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On February 1, 1983, Activision released Enduro for the Atari 2600. A month later, I would be in Toys R Us, trying to pick out a brand new game and settled on Enduro. The timing was perfect, I was just starting to get enamored with racing games and my stock in Activision was at an all time high. It would turn out to be a great purchase.
In Enduro, you take take the wheel of a car in an long term endurance challenge race. The premise is simple. You just need to pass a certain amount of cars each day. The number of cars is in the hundreds, which might seem huge, but they will move by very quickly and often in groups, so that car countdown can move fast. As the days pass, the numbers of cars you will need to pass will go up. But the real challenge is as the day progresses.
You start off with clear roads and complete visibility, but that quickly changes. The road will get snowy, reducing your ability to control your car. Then you will switch to night driving, there you will only have the headlights of the other cars to avoid. Finally here comes the fog. During foggy night racing, not only do you only see headlights, but visibility is cut in half.
The graphics are simple, but very effective. The cars are clearly cars and the road twists and turns towards a vanishing point. But it is the little details that make the game great. They have beautiful backgrounds with simulated sunsets and sunrise, the snow driving is a majestic blank white sheet and the night driving is a game of dodging beautiful evocative red taillights. Which is terrifying and stressful in the fog. Which make the sunrise all the more welcoming and beautiful.
The sound is surprisingly complex for an Atari 2600 game. You have the grinding roar of the car that is altered with braking and terrain. As you dodge cars you get the audio sensation of movement and on the snow, the tires are eerily muffled.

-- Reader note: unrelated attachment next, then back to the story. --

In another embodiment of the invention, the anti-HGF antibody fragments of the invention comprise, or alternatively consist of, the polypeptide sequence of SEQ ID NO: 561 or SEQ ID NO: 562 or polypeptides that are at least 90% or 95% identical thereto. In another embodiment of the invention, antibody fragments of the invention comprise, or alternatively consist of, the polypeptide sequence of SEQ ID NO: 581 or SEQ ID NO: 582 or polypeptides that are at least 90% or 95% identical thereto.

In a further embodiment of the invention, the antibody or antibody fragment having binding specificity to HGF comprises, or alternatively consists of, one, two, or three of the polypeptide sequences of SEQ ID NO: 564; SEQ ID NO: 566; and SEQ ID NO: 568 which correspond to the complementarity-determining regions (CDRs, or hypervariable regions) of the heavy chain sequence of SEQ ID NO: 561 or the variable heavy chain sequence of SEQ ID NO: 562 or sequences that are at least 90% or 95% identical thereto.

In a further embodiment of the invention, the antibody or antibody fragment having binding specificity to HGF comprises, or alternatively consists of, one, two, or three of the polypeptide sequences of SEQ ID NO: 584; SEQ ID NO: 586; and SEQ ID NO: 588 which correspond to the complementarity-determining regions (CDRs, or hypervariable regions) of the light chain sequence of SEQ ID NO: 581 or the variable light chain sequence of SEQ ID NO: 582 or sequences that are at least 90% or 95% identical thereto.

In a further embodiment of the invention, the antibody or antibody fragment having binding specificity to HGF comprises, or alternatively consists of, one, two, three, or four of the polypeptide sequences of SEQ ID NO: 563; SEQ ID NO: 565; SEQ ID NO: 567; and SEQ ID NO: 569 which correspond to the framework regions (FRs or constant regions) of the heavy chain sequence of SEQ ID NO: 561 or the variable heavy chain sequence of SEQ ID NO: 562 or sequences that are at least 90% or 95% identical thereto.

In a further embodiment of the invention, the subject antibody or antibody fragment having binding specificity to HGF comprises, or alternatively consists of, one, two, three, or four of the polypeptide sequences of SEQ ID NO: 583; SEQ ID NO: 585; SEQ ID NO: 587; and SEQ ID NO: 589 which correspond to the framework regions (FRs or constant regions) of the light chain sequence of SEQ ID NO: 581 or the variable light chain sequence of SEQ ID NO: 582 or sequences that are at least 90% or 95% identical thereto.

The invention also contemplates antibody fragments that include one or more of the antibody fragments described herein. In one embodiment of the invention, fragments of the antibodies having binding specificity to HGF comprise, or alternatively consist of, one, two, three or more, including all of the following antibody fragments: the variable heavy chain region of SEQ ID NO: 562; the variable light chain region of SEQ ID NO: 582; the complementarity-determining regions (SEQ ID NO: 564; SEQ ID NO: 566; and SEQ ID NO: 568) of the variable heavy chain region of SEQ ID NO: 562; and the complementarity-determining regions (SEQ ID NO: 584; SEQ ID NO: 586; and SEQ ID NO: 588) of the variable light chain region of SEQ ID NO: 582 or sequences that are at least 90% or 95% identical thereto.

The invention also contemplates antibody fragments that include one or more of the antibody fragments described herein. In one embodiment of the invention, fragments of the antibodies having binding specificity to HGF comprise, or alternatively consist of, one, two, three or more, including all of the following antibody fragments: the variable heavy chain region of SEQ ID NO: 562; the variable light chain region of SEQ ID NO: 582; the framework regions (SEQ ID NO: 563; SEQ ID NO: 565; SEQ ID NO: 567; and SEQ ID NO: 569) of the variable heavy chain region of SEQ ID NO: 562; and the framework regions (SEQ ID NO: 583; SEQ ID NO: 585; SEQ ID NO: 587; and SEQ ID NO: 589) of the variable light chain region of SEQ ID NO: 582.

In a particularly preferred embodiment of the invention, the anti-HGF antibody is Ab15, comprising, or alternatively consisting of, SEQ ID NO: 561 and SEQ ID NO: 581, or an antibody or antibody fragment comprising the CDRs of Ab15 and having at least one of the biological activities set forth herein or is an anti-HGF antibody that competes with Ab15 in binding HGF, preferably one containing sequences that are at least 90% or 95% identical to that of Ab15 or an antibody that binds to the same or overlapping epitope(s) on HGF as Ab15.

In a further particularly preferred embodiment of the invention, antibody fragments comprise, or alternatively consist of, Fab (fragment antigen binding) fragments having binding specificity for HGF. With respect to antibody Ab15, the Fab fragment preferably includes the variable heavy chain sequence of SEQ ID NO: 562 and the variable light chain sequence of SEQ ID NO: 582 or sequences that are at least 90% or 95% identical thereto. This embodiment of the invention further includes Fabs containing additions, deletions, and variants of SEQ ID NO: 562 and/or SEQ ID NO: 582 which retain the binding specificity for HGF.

Controls are dead simple. Move your car with your joystick. Pull back to break. Push the fire button to accelerate. It is a true test of you hand eye coordination at its finest and the name of the game is apt, in that it quickly becomes an endurance game. Can you be patient? Can you stay focused? Can you make it just one more day?
I got pretty good at Enduro. On the second day I owned the game I was able to reach day 5, which was enough to qualify me for the Activision Roadbuster patch. For those not lucky enough to play Activision games in the eighties, they had a program where you would take photos of you score, send them in and they would send you a patch. Unfortunately, I could never get a photo of my screen and didn’t know that even if you took a lousy photo, they would send you the patch.
Enduro is a top 5 game for me on the Atari 2600. It is by far my favorite racing game for this system. Easy to play and well made by the great Larry Miller (who also made Spider Fighter), this game has a surprising amount of depth. So if you are firing up the ol’ Atari 2600 tonight, why not take Enduro for a spin.
Enduro was also released on the ZX Spectrum in 1984. I only played it recently on an emulator and the game play is very similar, but I have to say, overall I prefer the Atari 2600 version. The sounds and graphics just come together better on that console.
The one thing I do like on the ZX Spectrum is the almost spooky red and black night driving screens.
Want to learn more about Enduro? Check out the National Enduro Rules and Regulations that came with the Atari title. Activision really did a great job on this one. Worth looking at just for the “Romance of Racing” map.